“[I think] Cinta is, for Rangga…”



Ada Apa Dengan Cinta 2 and its predecessor is at their core, rom-com. However, AADC2 reads likes an art house film – every scene is shot with purpose and the care for detail is rewarded, truly, through the genuine appreciation of viewers. Indonesia, in particular Jogjakarta where the movie was mainly filmed, is beautiful – full of vibrant colors and soulful artists wandering its bustling streets. This very locale embodies the thing dearly loved by our main characters: art.

I don’t know where to begin – how, in my own words – to capture the movie’s success in this particular aspect.


Fourteen years ago when Ada Apa Dengan Cinta (AADC) was first released, I particularly loved and was most moved by the poetry insertion – “Tentang Seseorang”- two-thirds into the movie. In fact, I loved it so much that I had Dad translate the poem for me in Malay and English just so I could understand it line by line. I was, at the time, eleven years of age.

I revisited the movie about two years ago, now older and with deeper appreciation of poetry, and was even more taken by the poetry narration scene. So I’m ecstatic, to be honest, that the movie’s sequel – out now in local cinemas – maintained this. Like with AADC, they gave us two poetry! And y’know, if there’s someone I wish I could’ve watched this movie with, cos the right company does double the enjoyment, it is… Dad. The movie’s a rom-com but there are elements in it that I think – especially because he spent his undergrad years in Indonesia – he would’ve totally appreciated, maybe even echoed.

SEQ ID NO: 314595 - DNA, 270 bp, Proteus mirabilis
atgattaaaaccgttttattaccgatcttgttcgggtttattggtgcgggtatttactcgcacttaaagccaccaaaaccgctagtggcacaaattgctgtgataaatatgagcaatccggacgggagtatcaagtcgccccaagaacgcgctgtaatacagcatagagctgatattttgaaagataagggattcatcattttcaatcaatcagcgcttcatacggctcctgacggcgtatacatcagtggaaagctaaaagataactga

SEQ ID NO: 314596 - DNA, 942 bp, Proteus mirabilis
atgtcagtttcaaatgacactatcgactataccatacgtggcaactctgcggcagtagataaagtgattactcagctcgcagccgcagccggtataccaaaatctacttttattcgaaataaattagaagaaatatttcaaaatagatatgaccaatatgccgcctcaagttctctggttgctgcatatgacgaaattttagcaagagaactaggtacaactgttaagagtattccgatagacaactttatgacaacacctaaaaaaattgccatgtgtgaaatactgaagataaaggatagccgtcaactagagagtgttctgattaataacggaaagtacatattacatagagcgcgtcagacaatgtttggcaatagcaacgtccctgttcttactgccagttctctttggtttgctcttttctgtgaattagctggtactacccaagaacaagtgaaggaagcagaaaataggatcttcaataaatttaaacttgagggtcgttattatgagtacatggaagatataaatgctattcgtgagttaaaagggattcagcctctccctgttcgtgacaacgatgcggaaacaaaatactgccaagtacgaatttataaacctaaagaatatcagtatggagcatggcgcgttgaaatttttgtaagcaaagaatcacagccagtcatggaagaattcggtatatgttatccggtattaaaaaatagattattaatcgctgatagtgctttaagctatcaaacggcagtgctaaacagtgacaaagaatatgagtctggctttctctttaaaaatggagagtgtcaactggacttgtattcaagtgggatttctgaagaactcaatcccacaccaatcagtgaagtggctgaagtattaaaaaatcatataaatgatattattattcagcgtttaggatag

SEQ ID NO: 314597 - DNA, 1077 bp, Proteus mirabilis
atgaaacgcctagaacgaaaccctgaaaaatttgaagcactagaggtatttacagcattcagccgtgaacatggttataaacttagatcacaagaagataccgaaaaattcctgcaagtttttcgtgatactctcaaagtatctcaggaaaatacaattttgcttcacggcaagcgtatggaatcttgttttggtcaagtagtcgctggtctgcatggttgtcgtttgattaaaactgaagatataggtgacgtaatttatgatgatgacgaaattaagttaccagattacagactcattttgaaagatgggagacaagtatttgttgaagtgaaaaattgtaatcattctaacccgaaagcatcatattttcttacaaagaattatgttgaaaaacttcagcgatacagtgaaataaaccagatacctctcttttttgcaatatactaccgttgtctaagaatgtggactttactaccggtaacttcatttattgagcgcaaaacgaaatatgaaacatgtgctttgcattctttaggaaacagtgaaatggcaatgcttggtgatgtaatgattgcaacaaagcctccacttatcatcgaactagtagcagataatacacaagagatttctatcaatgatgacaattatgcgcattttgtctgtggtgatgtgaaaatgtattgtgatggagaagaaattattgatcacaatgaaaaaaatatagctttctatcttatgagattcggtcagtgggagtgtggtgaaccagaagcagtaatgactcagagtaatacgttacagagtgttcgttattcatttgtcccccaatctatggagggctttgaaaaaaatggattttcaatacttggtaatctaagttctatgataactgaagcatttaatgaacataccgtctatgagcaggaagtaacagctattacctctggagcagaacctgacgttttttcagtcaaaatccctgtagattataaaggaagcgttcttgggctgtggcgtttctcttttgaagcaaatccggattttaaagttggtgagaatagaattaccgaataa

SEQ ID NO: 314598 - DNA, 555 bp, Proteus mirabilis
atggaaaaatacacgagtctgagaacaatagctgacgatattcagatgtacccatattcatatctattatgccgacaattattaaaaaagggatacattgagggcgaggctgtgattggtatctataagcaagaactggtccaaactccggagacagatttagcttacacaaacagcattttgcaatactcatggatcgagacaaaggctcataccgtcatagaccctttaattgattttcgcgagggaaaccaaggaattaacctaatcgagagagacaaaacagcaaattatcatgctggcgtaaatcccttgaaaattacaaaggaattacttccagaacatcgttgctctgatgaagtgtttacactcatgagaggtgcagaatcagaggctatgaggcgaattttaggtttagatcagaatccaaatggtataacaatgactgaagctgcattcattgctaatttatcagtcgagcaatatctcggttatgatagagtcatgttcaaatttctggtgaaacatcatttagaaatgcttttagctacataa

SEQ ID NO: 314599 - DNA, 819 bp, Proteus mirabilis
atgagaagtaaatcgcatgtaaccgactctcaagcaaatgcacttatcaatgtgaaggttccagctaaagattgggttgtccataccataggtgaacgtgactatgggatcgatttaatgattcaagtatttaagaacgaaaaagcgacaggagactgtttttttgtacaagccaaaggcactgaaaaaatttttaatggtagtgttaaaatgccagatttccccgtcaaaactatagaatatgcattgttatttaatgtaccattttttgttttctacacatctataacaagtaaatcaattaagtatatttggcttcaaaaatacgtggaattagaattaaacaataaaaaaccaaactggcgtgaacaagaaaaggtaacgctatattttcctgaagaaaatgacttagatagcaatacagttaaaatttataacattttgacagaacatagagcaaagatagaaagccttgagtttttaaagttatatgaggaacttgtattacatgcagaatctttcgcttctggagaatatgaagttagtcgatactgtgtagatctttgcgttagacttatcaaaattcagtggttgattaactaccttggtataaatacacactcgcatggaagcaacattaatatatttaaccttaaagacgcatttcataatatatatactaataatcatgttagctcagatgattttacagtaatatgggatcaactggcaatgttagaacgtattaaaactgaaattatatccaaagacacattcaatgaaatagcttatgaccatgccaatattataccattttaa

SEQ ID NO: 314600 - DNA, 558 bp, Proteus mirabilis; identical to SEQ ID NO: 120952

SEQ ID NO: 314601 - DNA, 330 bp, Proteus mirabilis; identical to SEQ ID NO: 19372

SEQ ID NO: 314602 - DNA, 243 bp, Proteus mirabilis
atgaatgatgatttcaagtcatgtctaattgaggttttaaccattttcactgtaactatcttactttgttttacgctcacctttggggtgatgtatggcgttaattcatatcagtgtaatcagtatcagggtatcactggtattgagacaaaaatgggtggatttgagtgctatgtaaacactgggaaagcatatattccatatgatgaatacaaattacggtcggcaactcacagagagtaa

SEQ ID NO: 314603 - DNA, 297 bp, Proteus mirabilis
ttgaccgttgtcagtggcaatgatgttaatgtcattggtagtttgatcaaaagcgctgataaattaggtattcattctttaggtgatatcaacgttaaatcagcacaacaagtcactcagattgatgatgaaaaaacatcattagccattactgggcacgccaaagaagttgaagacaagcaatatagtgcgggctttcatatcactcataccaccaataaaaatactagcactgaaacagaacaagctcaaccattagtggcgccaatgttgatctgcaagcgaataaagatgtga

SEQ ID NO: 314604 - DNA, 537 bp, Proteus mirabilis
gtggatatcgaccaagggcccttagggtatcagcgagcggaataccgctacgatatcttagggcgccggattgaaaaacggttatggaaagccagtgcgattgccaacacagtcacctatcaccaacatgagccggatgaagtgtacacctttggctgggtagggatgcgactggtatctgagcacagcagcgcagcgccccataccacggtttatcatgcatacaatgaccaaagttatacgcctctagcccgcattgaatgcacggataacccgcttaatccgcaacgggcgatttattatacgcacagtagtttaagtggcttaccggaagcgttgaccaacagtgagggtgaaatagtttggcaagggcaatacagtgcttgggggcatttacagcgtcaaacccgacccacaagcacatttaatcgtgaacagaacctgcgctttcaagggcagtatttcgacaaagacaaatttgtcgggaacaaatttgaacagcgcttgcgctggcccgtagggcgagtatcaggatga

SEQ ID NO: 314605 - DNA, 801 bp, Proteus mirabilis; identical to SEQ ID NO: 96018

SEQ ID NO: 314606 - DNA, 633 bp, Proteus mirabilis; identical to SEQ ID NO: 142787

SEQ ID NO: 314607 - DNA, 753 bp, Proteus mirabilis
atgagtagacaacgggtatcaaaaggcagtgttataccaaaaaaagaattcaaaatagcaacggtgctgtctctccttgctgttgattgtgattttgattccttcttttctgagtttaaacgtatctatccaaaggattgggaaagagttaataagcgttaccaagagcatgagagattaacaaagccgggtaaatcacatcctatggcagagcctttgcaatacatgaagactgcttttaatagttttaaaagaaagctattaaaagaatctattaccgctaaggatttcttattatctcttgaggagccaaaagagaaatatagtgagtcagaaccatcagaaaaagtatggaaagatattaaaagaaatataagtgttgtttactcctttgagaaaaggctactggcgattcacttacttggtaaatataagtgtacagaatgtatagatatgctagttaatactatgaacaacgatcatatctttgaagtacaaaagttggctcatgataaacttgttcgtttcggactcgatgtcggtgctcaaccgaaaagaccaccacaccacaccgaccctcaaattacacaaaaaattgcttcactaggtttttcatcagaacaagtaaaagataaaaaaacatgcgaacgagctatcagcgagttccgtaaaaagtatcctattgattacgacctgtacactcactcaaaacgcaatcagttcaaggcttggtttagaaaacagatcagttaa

“You’re too soft, like your father,” Mum once said some years ago. “He has too much sentiments in his heart, always nostalgic about times past …now you, too.” I still take this as a compliment – if my heart is like his; what beautiful wonder.


aadc2 (2016)

I think what gets to me most about this new sequel, apart from the fact that it is totally thematically nostalgic and brings everyone, including the characters, back in time, is the acknowledgment that time has passed. Passing time is both something to celebrate and shed tears over and the aftermath – growth – is the only evident and trace of those lost eras. I think what gets to me most is that back then, Nicholas Saputra, as Rangga, was already intense – there’s something about those deep-setting eyes. Fourteen years later, those same pair of eyes are still intense, though mostly troubled; it’s as if he’s seen and tasted the world …and broken by it. I think that’s what gets to me – his forced quietness and constant internal listlessness.

And because he was abandoned as a child, growing up independent and alone – Cinta (Dian Sastrowardoyo) wasn’t just some girl he fell for… I think she was solace and comfort and stability – everything he grew up secretly, quietly wanting.

I think she was, for him, the one place he always wanted… wished for… hoped to return to. Which is why fourteen – or within the movie’s timeline of goodbye for them, nine – years had passed yet little is lost. Back then and now…

Cinta is, for Rangga, home.

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